In a survey of investigative reporters that makes Richard Nixon’s enemies list look like child's play, nearly seven in 10 said they believe that the Obama administration has spied on their phone calls, emails and online searches.
According to a Pew Research Center survey of 454 media figures, 64 percent “believe that the U.S. government has probably collected data” from their calls and email and eight in 10 believe just being a journalist jumps the chance Uncle Sam is spying on them.
The survey follows multiple reports of actual spying by federal officials on reporters, and the White House’s effort to track down those who leak information to reporters despite long-forgotten promises to be the most transparent administration ever.
Still, most reporters said that they continue to plug away.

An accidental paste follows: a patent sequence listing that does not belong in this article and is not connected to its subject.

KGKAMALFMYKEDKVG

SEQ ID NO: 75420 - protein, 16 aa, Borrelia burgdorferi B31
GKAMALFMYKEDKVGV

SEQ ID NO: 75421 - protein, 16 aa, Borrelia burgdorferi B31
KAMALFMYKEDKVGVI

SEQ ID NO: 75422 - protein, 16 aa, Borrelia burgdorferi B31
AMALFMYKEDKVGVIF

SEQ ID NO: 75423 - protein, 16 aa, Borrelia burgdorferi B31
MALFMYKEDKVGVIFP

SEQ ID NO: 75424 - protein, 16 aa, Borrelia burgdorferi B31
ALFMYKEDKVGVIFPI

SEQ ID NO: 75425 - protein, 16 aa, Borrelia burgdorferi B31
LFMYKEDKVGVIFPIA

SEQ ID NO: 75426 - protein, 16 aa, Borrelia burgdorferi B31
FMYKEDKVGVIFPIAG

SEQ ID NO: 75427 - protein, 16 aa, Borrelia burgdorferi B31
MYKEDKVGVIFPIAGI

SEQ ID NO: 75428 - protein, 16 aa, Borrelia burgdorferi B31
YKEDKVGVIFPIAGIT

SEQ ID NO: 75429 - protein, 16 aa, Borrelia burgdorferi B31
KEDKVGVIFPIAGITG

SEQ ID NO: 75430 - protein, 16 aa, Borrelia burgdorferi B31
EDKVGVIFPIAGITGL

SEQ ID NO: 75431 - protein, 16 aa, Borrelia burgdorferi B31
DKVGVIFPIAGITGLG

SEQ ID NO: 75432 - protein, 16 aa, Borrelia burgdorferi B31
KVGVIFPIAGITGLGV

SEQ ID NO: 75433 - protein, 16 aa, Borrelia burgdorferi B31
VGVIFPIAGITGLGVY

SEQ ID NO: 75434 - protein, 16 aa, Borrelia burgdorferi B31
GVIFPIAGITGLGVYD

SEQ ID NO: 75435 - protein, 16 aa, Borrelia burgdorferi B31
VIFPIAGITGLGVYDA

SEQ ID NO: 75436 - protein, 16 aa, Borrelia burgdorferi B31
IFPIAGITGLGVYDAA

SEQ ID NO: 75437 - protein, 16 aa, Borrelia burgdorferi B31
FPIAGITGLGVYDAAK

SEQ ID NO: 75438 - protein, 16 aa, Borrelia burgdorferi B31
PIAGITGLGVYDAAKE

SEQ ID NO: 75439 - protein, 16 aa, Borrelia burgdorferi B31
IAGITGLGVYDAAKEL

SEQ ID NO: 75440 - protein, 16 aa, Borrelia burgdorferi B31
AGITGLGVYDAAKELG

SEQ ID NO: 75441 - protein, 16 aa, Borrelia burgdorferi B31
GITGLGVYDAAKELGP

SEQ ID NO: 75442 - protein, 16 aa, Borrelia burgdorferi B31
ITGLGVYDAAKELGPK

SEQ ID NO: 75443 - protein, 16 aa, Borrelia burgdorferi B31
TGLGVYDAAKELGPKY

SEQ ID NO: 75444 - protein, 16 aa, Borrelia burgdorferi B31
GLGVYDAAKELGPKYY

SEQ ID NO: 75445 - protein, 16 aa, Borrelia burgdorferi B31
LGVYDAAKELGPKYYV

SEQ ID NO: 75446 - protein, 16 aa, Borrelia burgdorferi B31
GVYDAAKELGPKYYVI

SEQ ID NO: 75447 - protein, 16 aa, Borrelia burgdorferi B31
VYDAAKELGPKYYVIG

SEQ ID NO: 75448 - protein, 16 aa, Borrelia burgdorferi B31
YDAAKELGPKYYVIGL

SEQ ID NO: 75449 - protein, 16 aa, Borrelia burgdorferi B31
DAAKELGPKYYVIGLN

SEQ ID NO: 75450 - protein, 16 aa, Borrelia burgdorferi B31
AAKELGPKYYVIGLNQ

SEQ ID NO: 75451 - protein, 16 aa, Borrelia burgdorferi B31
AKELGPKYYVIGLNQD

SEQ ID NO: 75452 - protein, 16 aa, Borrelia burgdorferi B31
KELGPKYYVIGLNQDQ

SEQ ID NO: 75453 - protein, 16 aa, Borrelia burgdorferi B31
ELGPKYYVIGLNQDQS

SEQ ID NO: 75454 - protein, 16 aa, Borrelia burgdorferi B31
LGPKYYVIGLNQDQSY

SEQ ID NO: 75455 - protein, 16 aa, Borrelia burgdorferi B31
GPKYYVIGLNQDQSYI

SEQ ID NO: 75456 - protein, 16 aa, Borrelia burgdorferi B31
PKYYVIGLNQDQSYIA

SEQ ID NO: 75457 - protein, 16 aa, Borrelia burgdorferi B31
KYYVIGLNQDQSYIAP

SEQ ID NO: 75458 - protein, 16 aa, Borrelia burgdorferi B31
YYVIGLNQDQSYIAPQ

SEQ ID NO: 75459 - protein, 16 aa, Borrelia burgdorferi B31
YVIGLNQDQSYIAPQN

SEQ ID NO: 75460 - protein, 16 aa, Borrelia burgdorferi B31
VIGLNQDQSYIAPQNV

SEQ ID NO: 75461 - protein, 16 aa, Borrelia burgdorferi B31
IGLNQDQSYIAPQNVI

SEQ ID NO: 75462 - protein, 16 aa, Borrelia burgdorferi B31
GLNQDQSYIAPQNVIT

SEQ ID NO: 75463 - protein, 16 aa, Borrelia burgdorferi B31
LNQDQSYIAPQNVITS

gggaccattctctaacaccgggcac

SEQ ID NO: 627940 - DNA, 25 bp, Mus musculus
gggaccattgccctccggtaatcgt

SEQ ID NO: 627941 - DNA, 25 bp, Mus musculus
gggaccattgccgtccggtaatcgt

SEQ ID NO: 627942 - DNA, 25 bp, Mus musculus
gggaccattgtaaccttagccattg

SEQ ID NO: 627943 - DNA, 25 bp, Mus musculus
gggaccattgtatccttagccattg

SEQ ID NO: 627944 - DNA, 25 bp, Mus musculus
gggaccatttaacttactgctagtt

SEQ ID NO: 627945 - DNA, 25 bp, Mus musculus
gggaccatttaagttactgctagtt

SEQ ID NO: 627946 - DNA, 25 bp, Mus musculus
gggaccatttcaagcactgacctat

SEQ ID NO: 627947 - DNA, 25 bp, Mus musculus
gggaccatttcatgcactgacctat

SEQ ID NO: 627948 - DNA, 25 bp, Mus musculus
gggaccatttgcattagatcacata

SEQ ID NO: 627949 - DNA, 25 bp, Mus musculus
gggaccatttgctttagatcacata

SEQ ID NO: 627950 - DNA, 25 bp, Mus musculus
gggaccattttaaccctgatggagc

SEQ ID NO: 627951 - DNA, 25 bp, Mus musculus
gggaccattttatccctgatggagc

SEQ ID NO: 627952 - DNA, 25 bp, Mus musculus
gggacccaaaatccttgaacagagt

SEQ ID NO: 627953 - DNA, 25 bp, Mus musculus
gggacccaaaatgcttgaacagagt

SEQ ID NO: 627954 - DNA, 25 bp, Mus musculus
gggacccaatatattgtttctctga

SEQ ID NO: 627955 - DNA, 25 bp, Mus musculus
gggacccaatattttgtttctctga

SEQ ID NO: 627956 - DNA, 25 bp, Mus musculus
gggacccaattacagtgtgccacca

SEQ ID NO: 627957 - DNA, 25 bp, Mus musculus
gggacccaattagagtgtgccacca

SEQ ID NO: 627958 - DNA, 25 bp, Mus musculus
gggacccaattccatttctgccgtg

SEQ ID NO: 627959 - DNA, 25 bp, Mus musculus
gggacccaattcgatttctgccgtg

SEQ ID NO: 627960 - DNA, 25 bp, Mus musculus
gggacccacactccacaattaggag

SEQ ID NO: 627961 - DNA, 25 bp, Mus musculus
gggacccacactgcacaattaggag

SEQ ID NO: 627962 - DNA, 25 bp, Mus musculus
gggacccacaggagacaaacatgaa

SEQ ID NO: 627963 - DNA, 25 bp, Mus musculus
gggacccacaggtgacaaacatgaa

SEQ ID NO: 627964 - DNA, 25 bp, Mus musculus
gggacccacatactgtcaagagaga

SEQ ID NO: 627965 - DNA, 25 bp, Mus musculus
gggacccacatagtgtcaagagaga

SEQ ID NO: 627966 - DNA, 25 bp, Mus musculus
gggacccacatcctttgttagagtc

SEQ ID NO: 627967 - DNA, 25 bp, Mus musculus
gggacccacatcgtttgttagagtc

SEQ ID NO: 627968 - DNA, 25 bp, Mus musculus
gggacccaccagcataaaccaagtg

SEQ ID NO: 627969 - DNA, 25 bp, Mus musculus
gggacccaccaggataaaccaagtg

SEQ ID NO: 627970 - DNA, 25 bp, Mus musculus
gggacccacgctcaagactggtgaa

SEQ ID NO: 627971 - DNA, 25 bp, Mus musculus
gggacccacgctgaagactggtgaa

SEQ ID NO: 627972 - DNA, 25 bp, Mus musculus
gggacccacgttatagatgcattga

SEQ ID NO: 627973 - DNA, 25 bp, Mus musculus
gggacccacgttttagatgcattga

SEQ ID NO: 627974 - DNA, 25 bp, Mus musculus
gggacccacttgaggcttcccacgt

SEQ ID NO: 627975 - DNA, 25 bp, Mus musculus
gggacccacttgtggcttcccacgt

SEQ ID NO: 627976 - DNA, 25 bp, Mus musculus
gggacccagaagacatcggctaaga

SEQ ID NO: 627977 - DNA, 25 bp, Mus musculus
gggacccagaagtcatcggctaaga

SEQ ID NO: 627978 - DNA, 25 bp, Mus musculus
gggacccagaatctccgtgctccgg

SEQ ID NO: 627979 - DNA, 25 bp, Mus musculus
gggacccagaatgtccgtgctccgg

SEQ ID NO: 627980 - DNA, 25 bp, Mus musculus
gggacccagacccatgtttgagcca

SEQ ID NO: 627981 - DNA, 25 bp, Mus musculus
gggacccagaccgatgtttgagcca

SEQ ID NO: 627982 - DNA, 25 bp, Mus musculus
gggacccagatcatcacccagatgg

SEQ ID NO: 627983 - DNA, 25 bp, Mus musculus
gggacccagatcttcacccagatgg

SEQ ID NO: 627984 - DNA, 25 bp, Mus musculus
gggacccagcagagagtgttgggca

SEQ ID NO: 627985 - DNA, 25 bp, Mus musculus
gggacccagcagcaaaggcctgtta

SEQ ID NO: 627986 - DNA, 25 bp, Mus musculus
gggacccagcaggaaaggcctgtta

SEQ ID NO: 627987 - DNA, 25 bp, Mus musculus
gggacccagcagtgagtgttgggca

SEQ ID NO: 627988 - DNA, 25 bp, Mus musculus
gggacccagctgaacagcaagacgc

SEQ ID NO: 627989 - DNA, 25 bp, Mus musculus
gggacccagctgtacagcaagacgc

“Just 14 percent say that in the past 12 months, such concerns have kept them from pursuing a story or reaching out to a particular source, or have led them to consider leaving investigative journalism altogether,” said the survey of members of Investigative Reporters and Editors by Pew in association with Columbia University’s Tow Center for Digital Journalism.
It has, though, prompted about half to change how they do their job, by inventing new ways to store and collect their information.
That’s in part because they don’t have much faith in online security offered by their employers or internet service providers.
Read the full report here.Paul Bedard, the Washington Examiner's "Washington Secrets" columnist, can be contacted at email@example.com.